A Very Old Man With Enormous Wings

Pelayo, a married man with a newborn son who lives in a rundown seaside town, finds the old man with enormous wings in his courtyard. Instead of finding the man’s presence miraculous, Pelayo assumes that he’s a shipwrecked sailor. Once the neighbor corrects him, he locks the angel in his chicken coop, abusing the man and charging locals admission to gawk at and even physically abuse him. From the admission fees, Pelayo experiences a change in economic fortune: he quits his job as a bailiff in order to set up a rabbit warren and he and Elisenda build a two-story mansion. Despite this change in status, Pelayo doesn’t meaningfully change as a person: he is the same, simple, bitter man at the end that he was at the beginning. Although he does not have many redeeming features, Pelayo does provide the necessities of life for his wife and child, and (in a way that is not especially caring or charitable) to the old man.

Pelayo Quotes in A Very Old Man With Enormous Wings

The A Very Old Man With Enormous Wings quotes below are all either spoken by Pelayo or refer to Pelayo. For each quote, you can also see the other characters and themes related to it (each theme is indicated by its own dot and icon, like this one:
The Sacred and the Mundane Theme Icon
). Note: all page numbers and citation info for the quotes below refer to the HarperCollins edition of A Very Old Man With Enormous Wings published in 1984.
A Very Old Man with Enormous Wings Quotes

On the third day of rain they had killed so many crabs inside the house that Pelayo had to cross his drenched courtyard and throw them into the sea, because the newborn child had a temperature all night and they thought it was due to the stench. The world had been sad since Tuesday.

Related Characters: Pelayo, The Child
Page Number: 217
Explanation and Analysis:
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He had to go very close to see that it was an old man, a very old man, lying face down in the mud, who, in spite of his tremendous efforts, couldn’t get up, impeded by his enormous wings.

Related Characters: The Old Man (the Angel) , Pelayo
Related Symbols: Wings
Page Number: 217
Explanation and Analysis:
Quotes explanation short mobile

He was dressed like a ragpicker. There were only a few faded hairs left on his bald skull and very few teeth in his mouth, and his pitiful condition of a drenched great-grandfather took away any sense of grandeur he might have had. His huge buzzard wings, dirty and half-plucked, were forever entangled in the mud. They looked at him so long and so closely that Pelayo and Elisenda very soon overcame their surprise and in the end found him familiar. Then they dared speak to him, and he answered in an incomprehensible dialect with a strong sailor’s voice. That was how they skipped over the inconvenience of the wings and quite intelligently concluded that he was a lonely castaway from some foreign ship wrecked by the storm.

Related Characters: The Old Man (the Angel) , Pelayo, Elisenda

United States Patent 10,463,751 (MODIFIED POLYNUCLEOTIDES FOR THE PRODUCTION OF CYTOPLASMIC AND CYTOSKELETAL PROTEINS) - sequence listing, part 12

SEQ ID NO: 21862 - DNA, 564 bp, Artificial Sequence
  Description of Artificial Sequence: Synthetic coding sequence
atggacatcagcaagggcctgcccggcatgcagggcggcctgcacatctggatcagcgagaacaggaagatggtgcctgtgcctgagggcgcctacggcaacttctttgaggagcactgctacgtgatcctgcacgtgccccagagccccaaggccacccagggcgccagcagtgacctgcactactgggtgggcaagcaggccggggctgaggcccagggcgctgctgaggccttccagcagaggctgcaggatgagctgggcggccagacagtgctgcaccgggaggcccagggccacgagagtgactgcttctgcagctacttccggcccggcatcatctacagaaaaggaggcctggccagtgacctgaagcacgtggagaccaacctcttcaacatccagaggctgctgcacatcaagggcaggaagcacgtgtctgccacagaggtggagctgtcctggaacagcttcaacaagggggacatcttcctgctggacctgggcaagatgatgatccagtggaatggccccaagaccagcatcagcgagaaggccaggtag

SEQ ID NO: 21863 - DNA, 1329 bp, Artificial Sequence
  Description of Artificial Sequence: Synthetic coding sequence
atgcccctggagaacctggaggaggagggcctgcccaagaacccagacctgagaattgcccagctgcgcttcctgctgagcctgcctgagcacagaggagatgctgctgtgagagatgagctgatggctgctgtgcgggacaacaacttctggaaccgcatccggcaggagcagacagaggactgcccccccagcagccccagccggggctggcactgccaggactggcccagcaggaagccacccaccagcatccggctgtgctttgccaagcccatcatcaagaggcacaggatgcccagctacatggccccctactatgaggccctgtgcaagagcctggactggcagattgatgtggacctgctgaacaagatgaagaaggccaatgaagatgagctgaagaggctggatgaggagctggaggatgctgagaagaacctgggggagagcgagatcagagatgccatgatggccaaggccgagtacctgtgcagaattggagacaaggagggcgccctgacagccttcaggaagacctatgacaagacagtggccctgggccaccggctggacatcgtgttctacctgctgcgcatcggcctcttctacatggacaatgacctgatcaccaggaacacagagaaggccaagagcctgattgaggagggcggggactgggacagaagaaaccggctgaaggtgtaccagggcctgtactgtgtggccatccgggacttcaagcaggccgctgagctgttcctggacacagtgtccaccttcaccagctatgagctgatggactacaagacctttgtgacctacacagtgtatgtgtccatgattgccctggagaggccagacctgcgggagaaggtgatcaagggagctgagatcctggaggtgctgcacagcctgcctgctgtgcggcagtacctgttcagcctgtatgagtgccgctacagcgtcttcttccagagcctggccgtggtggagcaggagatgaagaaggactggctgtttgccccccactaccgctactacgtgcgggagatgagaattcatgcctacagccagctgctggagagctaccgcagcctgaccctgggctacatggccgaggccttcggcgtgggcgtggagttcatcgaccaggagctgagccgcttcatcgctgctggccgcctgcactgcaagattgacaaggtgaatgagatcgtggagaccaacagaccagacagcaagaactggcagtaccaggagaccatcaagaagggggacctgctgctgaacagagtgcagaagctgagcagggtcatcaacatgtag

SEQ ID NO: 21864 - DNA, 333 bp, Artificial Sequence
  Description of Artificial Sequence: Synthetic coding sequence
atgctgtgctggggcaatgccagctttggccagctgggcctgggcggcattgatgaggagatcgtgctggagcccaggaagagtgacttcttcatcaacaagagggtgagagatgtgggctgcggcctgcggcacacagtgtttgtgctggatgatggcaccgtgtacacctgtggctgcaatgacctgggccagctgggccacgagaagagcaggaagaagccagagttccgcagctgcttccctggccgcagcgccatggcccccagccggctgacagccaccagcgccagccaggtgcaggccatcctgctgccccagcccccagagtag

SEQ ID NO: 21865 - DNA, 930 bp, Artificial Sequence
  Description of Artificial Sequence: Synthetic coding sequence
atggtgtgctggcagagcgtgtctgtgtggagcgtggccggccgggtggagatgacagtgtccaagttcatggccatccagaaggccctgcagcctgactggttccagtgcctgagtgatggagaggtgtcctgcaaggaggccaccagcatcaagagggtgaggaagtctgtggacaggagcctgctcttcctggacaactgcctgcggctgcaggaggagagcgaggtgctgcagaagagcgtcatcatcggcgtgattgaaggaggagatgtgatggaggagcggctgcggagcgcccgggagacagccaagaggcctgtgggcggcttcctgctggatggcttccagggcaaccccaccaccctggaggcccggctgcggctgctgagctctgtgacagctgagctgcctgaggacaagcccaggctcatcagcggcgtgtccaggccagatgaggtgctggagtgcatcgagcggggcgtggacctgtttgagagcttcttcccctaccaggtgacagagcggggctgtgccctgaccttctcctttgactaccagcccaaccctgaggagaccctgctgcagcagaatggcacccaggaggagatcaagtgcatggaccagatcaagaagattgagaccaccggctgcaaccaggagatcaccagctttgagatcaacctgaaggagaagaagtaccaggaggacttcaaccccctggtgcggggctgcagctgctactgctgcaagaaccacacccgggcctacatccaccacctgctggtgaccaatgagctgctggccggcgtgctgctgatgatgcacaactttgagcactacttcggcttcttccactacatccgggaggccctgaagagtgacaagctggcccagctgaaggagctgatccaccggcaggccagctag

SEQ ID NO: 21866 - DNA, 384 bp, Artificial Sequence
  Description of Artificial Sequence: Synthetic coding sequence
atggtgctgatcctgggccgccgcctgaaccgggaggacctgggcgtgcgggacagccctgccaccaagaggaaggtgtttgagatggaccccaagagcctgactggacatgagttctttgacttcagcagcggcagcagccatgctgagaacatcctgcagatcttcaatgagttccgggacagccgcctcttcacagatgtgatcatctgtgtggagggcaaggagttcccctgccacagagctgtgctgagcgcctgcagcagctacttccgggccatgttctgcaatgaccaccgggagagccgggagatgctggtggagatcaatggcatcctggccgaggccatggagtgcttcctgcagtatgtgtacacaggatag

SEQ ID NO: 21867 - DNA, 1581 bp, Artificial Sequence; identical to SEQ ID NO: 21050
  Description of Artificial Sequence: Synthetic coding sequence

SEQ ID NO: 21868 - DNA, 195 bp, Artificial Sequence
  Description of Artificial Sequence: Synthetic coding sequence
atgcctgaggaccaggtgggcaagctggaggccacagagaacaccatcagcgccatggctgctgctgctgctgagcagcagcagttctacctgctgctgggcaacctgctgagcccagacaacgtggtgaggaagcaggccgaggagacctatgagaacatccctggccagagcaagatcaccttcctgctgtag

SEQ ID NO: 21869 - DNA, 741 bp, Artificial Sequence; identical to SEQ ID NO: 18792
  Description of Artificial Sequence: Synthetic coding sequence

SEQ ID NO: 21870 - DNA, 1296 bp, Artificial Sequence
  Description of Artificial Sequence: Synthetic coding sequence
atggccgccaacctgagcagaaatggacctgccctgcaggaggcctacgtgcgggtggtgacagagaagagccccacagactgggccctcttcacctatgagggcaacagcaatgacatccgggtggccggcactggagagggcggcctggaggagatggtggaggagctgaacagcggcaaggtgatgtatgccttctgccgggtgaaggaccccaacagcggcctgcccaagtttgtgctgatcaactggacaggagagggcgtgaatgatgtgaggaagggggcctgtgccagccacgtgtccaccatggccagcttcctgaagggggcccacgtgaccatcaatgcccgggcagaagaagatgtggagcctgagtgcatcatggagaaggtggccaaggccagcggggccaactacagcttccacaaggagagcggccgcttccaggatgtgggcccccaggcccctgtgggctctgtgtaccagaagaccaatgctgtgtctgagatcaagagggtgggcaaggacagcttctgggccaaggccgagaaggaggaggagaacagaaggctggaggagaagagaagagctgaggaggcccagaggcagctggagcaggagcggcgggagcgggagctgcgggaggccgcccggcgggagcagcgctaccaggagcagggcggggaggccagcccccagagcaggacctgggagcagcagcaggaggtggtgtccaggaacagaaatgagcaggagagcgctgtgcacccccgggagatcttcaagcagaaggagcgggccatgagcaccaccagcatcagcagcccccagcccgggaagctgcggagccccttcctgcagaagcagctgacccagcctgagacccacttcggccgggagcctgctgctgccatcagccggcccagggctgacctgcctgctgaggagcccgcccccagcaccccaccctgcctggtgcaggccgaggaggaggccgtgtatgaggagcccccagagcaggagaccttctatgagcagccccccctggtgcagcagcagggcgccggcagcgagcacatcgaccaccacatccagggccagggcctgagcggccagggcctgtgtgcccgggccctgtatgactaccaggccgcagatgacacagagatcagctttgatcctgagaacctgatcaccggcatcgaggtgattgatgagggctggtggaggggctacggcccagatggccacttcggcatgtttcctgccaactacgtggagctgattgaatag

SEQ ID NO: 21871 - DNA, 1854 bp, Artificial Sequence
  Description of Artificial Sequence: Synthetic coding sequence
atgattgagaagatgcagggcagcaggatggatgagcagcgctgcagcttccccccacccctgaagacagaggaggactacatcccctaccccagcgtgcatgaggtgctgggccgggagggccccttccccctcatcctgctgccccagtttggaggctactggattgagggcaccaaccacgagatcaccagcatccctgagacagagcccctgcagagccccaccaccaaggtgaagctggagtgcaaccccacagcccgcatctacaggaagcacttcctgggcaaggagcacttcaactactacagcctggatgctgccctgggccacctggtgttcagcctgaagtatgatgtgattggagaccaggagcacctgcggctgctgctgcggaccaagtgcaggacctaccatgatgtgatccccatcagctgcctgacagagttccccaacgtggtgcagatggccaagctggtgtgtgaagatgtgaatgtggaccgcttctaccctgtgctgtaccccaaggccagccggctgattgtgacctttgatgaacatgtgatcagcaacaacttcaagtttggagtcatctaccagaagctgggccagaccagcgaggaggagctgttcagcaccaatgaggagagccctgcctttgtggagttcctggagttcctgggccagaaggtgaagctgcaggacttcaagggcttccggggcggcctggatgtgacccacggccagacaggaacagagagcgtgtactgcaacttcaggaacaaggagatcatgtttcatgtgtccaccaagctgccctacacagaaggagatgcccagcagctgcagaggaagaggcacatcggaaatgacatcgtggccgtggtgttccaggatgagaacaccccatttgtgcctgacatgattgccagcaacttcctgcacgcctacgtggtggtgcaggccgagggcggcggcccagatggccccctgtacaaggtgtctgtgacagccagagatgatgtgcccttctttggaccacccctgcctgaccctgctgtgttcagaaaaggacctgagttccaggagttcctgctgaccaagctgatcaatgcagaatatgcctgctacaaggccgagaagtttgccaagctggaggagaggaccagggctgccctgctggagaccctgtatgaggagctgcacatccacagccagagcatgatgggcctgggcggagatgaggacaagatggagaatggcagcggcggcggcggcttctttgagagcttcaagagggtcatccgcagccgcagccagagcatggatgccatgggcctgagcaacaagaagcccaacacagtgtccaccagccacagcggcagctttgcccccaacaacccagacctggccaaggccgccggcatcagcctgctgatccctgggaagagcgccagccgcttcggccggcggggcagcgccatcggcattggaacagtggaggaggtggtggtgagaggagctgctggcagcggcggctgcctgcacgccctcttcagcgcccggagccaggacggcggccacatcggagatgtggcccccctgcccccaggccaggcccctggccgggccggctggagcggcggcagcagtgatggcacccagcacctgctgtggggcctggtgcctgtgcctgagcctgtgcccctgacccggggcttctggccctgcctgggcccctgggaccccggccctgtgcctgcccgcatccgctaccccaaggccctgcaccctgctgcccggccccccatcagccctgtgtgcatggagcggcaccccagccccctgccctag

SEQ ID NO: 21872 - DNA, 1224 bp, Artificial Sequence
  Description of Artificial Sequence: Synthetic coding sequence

Related Symbols: Wings
Page Number: 217
Explanation and Analysis:
Quotes explanation short mobile
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Pelayo Character Timeline in A Very Old Man With Enormous Wings

The timeline below shows where the character Pelayo appears in A Very Old Man With Enormous Wings. The colored dots and icons indicate which themes are associated with that appearance.
A Very Old Man with Enormous Wings
The Sacred and the Mundane Theme Icon
Faith, Religion, and Morality Theme Icon
For days, “the world had been sad”: Pelayo’s newborn has a fever, crabs are infesting the house, the stench of rotting shellfish is... (full context)
The Sacred and the Mundane Theme Icon
Patience, Empathy, and Cruelty Theme Icon
Pelayo finds his wife Elisenda and together they examine the man: he’s “dressed like a ragpicker,”... (full context)
Patience, Empathy, and Cruelty Theme Icon
Pelayo and Elisenda try to speak to the man, but he responds in an “incomprehensible dialect”... (full context)
Patience, Empathy, and Cruelty Theme Icon
Faith, Religion, and Morality Theme Icon
...should club the angel to death because angels are “fugitive survivors of a celestial conspiracy,” Pelayo and Elisenda don’t “have the heart” for that. Instead, Pelayo carries the club and watches... (full context)
The Sacred and the Mundane Theme Icon
Patience, Empathy, and Cruelty Theme Icon
A few hours later, the sick child’s appetite returns and this good fortune makes Pelayo and Elisenda feel “magnanimous”: they decide that the next day they will put the angel... (full context)
The Sacred and the Mundane Theme Icon
Patience, Empathy, and Cruelty Theme Icon
Faith, Religion, and Morality Theme Icon
...walker who got up at night to undo the things he had done while awake.” Pelayo and Elisenda make a lot of money from charging admission fees: they stuff their rooms... (full context)
Patience, Empathy, and Cruelty Theme Icon
Faith, Religion, and Morality Theme Icon
...night’s sleep again without worrying about whether the old man is an angel or not. Pelayo’s courtyard goes back to being as empty as it ever was. (full context)
The Sacred and the Mundane Theme Icon
Patience, Empathy, and Cruelty Theme Icon
Pelayo and Elisenda are not upset that the crowds have died down—they’ve made enough money in... (full context)
Patience, Empathy, and Cruelty Theme Icon
Faith, Religion, and Morality Theme Icon
...drags himself from room to room in the house “like a stray dying man.” Though Pelayo and Elisenda drive him out of one room, he quickly reappears in another. Elisenda grows... (full context)